Ronald Wayne Johnson was recently pulling his fishing hut off a lake in Otter Tail County, about an hour from Fergus Falls, when a conservation officer stopped to say hey and see how the catching was.

Johnson had gotten a few fish, he said, though not many. The officer, Shane Osborne, asked if Johnson had more fish at home. The angler replied that he wasn't sure, but that if Osborne thought he might have too many, he was welcome to follow him back and check for himself.

Seems like a less-than-bright invitation from a man who, Osborne found, harbored a catch cache nearly 250 fish over the legal limit.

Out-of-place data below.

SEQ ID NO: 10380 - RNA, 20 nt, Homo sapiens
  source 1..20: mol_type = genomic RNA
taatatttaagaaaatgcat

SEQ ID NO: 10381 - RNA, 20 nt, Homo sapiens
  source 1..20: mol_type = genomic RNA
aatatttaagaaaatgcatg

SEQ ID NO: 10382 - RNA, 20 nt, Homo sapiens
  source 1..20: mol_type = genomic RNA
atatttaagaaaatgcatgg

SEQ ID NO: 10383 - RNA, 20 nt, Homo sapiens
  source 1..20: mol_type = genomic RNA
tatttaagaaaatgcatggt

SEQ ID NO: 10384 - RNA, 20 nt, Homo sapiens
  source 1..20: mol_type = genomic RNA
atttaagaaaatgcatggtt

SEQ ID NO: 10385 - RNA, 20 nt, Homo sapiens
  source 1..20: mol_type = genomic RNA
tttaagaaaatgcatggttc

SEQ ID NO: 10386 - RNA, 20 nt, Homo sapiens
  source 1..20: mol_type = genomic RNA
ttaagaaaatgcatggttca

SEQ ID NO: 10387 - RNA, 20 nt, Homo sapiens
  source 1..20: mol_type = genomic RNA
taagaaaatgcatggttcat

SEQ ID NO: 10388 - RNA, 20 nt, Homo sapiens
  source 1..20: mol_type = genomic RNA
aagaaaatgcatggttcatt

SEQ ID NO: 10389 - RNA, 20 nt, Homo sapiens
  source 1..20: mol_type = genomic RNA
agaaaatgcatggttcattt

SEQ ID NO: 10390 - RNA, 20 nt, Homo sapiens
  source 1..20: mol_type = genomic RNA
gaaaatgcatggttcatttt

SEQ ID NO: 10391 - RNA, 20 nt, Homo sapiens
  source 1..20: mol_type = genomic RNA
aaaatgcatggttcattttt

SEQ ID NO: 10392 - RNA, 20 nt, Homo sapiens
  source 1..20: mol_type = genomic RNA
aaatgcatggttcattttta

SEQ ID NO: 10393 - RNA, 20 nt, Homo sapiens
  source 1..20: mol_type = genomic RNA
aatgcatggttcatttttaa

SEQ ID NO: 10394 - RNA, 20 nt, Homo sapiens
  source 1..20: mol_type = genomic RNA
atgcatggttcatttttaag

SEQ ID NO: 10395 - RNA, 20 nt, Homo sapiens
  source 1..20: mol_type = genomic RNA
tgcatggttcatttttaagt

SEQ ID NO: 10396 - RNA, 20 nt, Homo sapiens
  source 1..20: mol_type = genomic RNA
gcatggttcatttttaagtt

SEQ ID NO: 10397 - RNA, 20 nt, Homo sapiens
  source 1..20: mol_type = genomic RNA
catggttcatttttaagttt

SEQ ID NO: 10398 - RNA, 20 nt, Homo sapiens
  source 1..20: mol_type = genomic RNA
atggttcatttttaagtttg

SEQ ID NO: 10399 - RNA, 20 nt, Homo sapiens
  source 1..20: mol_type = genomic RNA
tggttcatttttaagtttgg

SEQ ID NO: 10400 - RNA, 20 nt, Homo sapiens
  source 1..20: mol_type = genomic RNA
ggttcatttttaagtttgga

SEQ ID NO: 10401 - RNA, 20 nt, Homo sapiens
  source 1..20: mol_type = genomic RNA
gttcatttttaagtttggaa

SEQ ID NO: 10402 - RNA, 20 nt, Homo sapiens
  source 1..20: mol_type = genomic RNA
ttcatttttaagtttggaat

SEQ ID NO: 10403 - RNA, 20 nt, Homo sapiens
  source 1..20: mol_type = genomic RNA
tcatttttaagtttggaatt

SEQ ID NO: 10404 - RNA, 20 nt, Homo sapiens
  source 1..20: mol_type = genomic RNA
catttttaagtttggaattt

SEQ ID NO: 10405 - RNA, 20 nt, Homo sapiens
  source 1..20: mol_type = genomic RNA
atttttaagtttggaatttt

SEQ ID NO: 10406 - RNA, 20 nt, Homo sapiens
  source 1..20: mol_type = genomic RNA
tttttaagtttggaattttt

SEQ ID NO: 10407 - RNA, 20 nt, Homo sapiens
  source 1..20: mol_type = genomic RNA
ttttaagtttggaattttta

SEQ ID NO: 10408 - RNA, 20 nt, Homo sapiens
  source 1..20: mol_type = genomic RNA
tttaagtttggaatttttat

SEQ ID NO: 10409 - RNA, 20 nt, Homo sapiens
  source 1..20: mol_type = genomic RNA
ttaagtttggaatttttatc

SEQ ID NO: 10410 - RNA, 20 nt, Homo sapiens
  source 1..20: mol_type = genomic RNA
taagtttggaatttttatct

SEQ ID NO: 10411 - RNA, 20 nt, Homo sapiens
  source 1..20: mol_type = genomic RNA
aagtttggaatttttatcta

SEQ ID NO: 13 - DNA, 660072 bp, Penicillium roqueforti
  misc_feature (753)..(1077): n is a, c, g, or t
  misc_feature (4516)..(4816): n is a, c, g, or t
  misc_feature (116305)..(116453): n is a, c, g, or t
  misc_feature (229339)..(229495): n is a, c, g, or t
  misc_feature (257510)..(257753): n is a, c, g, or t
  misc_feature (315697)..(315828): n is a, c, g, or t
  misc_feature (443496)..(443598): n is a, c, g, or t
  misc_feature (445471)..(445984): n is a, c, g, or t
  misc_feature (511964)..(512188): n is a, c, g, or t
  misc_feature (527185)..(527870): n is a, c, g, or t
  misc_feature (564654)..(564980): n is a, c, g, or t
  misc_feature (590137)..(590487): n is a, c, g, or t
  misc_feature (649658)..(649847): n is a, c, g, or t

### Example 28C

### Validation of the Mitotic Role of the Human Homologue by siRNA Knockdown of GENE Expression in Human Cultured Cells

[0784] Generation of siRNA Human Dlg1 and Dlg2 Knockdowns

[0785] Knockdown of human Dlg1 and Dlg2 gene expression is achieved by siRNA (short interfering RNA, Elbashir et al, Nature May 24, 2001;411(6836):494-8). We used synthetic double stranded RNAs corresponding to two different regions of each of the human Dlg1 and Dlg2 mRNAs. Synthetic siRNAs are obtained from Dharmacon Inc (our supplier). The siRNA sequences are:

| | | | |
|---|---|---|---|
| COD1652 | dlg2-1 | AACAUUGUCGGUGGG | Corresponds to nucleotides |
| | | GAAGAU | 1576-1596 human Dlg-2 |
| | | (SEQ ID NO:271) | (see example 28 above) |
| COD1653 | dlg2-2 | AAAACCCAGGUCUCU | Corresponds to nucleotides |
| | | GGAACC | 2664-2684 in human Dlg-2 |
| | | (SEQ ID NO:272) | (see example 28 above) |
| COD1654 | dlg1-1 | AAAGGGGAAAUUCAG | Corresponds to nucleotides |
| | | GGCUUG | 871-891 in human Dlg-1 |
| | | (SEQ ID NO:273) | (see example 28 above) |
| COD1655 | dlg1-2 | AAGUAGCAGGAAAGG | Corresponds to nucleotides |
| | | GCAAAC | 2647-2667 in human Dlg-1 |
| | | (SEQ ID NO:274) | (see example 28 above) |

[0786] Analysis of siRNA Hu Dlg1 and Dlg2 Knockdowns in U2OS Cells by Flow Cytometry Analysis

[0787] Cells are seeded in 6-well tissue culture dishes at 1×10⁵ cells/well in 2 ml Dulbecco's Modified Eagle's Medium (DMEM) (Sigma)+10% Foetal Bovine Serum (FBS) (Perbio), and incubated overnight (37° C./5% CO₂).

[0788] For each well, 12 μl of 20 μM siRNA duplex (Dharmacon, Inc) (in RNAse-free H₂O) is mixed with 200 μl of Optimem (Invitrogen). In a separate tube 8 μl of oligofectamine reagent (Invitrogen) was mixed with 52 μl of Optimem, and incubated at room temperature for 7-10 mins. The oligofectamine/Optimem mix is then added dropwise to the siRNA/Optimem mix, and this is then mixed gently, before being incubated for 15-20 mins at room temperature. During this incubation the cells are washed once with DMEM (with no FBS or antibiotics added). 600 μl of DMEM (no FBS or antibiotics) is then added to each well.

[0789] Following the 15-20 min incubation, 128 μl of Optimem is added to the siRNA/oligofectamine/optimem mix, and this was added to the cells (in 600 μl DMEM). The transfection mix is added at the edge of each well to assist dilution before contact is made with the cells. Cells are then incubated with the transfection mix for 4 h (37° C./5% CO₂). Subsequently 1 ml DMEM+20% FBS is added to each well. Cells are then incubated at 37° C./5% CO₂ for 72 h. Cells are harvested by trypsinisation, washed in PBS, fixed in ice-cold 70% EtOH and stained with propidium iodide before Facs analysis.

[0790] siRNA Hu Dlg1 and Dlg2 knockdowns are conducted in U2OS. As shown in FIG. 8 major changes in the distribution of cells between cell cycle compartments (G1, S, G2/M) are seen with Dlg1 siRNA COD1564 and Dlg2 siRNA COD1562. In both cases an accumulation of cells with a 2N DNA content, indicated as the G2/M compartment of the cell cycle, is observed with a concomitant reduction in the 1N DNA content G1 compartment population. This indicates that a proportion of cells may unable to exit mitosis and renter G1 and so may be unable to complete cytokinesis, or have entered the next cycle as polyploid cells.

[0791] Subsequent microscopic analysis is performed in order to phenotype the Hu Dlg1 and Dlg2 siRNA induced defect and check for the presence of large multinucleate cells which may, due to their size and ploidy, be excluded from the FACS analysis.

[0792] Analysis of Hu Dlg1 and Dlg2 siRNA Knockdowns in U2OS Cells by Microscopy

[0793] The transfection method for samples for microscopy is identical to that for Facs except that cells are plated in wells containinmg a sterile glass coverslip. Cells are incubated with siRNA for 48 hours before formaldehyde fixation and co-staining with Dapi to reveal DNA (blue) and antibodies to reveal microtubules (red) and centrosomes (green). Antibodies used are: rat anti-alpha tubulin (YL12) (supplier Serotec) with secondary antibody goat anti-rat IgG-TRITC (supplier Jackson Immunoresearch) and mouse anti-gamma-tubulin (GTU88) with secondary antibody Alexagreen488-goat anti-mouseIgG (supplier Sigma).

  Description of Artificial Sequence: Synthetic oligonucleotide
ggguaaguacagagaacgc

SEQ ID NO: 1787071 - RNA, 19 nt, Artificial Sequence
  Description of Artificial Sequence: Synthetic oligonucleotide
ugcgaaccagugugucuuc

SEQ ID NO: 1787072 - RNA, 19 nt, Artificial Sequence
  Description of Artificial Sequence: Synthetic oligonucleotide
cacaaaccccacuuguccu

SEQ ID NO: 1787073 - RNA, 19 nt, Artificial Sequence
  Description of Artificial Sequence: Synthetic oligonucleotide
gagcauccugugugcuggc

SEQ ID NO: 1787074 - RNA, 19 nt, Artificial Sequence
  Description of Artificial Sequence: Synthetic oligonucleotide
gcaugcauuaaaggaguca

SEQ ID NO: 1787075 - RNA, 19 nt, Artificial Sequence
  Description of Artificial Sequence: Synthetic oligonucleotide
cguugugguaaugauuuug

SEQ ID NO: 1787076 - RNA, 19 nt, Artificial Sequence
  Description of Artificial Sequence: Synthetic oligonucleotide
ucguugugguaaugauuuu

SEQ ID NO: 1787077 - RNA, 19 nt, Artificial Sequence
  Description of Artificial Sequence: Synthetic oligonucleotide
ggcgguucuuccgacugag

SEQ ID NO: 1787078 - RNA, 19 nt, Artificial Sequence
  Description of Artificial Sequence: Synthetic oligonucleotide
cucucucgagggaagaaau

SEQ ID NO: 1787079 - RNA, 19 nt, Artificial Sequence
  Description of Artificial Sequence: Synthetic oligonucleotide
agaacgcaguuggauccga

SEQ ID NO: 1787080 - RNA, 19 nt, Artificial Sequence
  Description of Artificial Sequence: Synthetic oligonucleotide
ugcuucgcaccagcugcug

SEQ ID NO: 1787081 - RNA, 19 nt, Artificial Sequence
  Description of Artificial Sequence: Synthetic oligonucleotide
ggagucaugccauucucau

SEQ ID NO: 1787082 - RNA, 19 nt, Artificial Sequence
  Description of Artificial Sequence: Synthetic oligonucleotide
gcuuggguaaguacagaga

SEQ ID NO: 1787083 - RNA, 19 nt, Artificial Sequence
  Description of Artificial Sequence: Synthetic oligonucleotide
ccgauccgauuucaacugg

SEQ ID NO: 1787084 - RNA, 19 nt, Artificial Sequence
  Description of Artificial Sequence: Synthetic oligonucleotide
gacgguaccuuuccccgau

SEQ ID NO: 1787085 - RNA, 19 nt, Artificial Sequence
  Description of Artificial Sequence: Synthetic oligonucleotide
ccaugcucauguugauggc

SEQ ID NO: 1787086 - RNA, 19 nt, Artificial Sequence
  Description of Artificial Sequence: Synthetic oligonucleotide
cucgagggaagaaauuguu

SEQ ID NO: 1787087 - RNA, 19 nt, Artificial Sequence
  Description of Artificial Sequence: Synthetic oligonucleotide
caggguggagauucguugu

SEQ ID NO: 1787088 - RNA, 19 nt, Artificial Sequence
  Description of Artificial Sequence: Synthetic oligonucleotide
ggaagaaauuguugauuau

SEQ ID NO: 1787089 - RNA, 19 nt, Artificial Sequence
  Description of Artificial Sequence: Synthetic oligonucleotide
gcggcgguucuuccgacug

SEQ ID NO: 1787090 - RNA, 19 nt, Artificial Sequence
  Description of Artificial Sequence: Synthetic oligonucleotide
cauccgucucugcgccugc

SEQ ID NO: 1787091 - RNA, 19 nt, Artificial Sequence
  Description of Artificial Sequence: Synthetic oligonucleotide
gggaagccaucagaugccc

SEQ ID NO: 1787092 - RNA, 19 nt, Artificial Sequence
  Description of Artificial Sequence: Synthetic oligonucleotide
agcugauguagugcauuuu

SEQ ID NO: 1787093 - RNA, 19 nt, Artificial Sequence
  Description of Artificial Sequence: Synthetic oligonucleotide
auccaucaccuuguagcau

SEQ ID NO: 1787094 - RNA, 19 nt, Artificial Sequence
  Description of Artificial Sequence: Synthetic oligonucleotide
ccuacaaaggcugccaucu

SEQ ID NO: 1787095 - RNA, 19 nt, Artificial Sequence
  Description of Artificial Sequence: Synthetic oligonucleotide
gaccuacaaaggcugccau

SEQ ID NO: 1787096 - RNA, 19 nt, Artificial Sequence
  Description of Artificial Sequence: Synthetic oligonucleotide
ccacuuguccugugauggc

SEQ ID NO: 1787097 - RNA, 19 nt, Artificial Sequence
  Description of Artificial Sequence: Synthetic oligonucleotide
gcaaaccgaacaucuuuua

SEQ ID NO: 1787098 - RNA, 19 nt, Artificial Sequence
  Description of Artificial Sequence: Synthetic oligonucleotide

See Also:
- Fish Bites: MN Zoo and top chefs raise awareness for sustainable fish
- Wisconsin DNR discovers 125-year-old, 7-foot-long sturgeon [PHOTO]
- Hennepin County resorts to color psychology in fight against invasives

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Otsego resident Chien Van Tran busted with more than 400 sunfish above legal limit

Categories: Fishing
Otsego fish.jpeg
A look at a portion of Tran's ridiculous panfish stash.
If society crumbles and our food-supply system breaks down, head to Otsego and look up Chien Van Tran.

Armed with a fishing rod, Tran should be able to feed you -- if he isn't in the slammer, that is. Because after being caught with nearly 400 sunfish above the state's legal limit, he now faces up to a year in jail.